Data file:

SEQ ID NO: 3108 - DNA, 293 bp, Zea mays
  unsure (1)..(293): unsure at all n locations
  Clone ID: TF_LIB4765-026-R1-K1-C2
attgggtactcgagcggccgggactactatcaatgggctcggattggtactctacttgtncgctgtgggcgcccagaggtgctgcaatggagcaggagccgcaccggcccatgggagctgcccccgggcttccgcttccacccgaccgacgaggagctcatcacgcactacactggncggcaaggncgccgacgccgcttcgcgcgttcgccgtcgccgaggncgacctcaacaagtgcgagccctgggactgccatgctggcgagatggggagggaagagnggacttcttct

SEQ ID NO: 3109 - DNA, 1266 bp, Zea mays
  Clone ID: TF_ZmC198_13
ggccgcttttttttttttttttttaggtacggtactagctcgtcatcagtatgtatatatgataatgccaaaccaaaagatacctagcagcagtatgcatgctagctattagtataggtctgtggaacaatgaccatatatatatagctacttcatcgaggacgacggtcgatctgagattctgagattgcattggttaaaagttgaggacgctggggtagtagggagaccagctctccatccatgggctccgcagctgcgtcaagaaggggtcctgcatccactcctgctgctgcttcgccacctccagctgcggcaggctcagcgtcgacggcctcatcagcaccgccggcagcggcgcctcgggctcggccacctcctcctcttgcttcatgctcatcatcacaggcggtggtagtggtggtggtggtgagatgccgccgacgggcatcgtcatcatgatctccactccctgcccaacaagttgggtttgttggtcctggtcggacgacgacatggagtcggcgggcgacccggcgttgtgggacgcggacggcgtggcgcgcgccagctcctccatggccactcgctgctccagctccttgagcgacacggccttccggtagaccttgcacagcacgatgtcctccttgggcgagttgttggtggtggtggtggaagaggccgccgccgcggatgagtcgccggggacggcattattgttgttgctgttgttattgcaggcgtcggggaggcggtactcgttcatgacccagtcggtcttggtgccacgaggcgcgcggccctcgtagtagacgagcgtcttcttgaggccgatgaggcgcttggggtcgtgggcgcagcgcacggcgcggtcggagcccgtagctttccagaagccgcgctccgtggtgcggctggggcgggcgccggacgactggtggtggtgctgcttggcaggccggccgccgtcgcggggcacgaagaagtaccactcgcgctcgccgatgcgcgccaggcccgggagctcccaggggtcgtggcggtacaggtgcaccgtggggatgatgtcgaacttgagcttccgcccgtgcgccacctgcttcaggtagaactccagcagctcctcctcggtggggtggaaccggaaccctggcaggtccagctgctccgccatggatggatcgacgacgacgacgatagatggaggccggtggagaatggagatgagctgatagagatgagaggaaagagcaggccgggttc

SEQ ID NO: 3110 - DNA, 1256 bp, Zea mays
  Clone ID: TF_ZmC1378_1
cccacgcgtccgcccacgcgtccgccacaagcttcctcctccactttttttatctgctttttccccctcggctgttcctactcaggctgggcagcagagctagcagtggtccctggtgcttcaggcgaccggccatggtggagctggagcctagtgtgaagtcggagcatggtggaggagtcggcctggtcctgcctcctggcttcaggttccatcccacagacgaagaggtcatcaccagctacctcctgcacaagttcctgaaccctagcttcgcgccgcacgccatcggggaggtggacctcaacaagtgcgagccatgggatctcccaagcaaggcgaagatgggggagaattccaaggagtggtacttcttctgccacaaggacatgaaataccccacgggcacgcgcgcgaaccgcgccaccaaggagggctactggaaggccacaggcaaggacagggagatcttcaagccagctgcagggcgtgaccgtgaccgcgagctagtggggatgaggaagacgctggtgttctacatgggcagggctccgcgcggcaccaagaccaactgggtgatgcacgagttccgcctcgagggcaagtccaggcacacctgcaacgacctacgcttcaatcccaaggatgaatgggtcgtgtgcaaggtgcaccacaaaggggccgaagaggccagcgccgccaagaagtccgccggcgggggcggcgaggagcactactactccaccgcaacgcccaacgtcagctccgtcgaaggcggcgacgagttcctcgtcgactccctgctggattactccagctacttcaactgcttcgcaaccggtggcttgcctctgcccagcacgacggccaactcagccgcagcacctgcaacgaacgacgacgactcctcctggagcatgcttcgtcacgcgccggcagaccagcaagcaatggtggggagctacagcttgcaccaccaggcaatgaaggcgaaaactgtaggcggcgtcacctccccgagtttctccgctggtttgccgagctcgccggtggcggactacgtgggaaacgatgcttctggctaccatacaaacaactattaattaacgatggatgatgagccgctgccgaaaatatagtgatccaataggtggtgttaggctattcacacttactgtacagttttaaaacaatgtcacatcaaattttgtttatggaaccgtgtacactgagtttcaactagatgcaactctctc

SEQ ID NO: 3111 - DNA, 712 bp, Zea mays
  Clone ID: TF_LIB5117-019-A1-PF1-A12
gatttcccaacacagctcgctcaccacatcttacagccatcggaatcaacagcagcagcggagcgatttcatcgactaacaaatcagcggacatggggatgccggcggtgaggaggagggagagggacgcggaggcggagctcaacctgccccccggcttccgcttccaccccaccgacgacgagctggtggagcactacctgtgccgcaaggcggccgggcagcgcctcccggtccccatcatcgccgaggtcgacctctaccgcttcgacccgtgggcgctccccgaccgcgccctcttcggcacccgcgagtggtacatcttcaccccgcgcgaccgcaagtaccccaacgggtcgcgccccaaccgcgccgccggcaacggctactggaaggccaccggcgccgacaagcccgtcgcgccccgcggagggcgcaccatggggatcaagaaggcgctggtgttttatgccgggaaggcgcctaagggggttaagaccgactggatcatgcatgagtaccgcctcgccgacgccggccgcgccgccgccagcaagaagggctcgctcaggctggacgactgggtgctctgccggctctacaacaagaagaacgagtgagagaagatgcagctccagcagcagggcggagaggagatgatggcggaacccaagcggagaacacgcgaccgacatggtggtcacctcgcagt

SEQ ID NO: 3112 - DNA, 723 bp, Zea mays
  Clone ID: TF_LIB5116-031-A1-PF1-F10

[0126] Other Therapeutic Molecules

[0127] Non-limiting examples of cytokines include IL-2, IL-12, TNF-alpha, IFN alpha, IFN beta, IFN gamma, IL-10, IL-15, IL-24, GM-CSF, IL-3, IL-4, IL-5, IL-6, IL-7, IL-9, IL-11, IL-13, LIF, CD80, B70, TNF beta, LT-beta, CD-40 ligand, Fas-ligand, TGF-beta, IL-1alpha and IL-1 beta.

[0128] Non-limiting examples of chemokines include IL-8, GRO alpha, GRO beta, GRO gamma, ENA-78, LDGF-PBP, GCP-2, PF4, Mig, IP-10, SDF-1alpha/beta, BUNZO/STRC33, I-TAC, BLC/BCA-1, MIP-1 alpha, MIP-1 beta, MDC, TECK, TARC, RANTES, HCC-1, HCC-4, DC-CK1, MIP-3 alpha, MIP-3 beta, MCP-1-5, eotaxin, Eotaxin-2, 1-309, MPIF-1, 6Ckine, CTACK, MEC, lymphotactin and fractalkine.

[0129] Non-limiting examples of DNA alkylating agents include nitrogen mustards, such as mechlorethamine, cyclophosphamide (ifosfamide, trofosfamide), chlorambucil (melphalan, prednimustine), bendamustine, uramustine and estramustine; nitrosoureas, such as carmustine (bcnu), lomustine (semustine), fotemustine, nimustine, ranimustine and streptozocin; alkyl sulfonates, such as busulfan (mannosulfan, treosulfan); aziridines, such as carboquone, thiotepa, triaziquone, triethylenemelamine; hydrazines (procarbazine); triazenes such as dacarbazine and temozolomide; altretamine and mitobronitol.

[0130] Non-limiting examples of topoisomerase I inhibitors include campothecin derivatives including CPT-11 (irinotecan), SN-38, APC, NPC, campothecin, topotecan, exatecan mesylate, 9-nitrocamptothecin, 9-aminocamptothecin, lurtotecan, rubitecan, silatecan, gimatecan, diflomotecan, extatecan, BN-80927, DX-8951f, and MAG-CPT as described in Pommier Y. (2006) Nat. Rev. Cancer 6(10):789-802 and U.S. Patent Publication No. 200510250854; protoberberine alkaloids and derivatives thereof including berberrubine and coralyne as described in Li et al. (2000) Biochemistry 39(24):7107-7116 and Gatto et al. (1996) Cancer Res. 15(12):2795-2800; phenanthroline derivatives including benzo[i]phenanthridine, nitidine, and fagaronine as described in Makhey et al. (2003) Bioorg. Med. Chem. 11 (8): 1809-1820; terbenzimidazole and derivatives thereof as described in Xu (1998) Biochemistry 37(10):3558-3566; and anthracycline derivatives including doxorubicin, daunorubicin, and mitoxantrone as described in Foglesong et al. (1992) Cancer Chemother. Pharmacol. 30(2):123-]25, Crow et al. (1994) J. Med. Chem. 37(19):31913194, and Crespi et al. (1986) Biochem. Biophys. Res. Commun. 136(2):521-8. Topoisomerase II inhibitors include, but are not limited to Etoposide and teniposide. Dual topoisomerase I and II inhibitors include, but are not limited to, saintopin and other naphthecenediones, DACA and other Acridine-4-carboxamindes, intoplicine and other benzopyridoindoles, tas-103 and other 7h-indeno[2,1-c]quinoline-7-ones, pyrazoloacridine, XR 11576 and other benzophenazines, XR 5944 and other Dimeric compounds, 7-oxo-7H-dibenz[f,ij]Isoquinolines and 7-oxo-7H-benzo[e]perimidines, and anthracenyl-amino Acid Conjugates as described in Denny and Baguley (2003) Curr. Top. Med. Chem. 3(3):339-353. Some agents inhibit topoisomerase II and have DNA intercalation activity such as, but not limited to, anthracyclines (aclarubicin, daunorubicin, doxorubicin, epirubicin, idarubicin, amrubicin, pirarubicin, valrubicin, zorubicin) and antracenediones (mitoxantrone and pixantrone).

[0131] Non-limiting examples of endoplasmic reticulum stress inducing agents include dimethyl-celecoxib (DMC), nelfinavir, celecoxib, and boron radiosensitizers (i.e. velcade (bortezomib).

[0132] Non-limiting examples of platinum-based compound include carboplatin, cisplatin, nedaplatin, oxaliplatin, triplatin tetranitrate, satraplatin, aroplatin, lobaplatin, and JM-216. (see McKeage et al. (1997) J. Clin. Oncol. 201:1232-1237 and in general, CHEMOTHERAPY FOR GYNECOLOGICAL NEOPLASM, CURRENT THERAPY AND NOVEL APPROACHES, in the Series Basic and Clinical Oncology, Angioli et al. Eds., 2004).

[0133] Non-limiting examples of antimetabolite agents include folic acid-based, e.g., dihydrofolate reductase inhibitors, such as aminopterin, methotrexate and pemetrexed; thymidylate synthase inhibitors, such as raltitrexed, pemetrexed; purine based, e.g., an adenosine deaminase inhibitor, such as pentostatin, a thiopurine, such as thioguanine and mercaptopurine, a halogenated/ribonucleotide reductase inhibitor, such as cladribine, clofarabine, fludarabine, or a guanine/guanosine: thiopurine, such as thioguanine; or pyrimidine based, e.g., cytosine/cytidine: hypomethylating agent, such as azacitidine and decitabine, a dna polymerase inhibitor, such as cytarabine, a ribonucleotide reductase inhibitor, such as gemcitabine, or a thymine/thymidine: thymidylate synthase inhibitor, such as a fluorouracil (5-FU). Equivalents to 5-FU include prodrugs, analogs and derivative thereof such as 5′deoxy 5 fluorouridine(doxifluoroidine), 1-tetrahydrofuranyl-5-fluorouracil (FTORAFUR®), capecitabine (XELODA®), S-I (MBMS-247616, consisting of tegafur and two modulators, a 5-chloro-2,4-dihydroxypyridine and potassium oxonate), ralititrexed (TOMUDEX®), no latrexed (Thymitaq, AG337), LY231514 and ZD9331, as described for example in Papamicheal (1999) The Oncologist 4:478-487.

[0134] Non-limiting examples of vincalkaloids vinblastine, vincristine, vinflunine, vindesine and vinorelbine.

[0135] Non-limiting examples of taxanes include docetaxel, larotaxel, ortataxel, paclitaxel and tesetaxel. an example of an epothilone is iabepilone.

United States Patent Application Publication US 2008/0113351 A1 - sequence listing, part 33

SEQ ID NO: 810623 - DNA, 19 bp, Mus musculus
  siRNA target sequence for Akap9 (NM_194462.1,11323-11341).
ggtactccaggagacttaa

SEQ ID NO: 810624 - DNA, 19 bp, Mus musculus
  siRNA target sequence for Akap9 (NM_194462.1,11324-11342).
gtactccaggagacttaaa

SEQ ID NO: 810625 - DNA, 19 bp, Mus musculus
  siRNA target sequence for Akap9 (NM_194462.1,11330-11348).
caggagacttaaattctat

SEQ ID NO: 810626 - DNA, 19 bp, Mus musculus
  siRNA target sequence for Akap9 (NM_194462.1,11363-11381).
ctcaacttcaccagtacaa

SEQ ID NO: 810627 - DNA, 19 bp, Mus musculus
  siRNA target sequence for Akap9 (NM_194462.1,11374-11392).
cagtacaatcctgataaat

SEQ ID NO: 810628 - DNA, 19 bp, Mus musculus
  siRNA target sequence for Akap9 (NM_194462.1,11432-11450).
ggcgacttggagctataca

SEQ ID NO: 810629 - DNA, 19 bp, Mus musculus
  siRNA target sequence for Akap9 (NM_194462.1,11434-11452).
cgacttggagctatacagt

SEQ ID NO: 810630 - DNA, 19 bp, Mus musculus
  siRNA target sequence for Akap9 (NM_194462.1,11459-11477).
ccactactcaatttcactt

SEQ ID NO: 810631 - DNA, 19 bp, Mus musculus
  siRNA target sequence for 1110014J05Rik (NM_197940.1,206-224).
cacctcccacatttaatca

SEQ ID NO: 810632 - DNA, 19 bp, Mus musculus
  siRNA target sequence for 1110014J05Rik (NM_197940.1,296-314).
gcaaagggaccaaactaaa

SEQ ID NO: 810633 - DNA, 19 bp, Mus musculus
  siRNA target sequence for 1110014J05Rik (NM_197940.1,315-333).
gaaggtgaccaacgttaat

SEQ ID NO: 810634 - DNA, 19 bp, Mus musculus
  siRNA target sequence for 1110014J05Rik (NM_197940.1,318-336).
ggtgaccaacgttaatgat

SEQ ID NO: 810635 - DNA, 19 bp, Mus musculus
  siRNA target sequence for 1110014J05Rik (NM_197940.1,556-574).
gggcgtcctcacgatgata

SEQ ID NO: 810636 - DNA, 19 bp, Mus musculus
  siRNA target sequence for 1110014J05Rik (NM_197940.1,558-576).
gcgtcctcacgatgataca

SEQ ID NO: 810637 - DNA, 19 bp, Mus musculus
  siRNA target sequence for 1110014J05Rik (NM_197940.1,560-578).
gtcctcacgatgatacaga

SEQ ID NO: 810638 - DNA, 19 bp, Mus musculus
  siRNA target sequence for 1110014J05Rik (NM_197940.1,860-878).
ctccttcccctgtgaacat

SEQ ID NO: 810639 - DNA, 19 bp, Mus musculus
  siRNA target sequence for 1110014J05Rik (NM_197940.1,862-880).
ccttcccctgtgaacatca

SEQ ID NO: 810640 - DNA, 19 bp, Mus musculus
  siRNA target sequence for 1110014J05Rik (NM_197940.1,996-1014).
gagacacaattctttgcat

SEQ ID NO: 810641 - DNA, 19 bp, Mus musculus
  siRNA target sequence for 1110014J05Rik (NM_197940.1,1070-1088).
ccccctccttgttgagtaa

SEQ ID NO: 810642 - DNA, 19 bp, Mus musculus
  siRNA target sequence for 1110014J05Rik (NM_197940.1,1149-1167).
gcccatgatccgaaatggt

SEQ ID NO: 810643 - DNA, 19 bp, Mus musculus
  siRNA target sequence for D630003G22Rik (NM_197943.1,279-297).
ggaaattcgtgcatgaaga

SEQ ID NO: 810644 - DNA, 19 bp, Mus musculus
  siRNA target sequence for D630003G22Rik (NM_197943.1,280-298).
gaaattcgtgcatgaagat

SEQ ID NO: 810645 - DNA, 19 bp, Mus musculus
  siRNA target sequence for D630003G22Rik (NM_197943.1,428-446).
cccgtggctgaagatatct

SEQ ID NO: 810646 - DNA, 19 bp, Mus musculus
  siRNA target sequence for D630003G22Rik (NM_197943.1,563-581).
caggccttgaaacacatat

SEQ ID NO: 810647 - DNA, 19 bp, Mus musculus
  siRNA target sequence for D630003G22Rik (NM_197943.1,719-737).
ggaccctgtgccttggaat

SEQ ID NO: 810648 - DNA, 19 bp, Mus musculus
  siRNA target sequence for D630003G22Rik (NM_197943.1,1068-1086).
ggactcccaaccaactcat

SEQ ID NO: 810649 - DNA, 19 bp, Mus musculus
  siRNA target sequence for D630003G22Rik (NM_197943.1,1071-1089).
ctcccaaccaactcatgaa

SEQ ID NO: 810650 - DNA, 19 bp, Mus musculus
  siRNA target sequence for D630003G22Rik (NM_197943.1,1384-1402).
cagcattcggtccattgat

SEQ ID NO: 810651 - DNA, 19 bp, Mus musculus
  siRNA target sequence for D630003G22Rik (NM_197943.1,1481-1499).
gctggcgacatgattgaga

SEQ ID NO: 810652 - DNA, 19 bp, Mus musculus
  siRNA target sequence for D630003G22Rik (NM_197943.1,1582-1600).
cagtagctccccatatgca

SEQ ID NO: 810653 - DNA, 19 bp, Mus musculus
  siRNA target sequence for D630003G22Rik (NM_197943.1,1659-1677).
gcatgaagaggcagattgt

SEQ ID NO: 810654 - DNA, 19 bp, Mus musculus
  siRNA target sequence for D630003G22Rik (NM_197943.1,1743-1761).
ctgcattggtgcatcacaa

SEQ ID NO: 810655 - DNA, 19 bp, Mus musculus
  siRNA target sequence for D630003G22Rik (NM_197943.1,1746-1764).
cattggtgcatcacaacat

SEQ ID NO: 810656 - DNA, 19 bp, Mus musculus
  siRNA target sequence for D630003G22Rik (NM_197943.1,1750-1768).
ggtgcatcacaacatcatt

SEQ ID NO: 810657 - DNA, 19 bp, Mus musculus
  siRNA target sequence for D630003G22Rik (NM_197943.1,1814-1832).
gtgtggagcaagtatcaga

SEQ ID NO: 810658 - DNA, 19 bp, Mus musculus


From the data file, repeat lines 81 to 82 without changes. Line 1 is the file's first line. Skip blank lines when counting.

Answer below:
SEQ ID NO: 810641 - DNA, 19 bp, Mus musculus
  siRNA target sequence for 1110014J05Rik (NM_197940.1,1070-1088).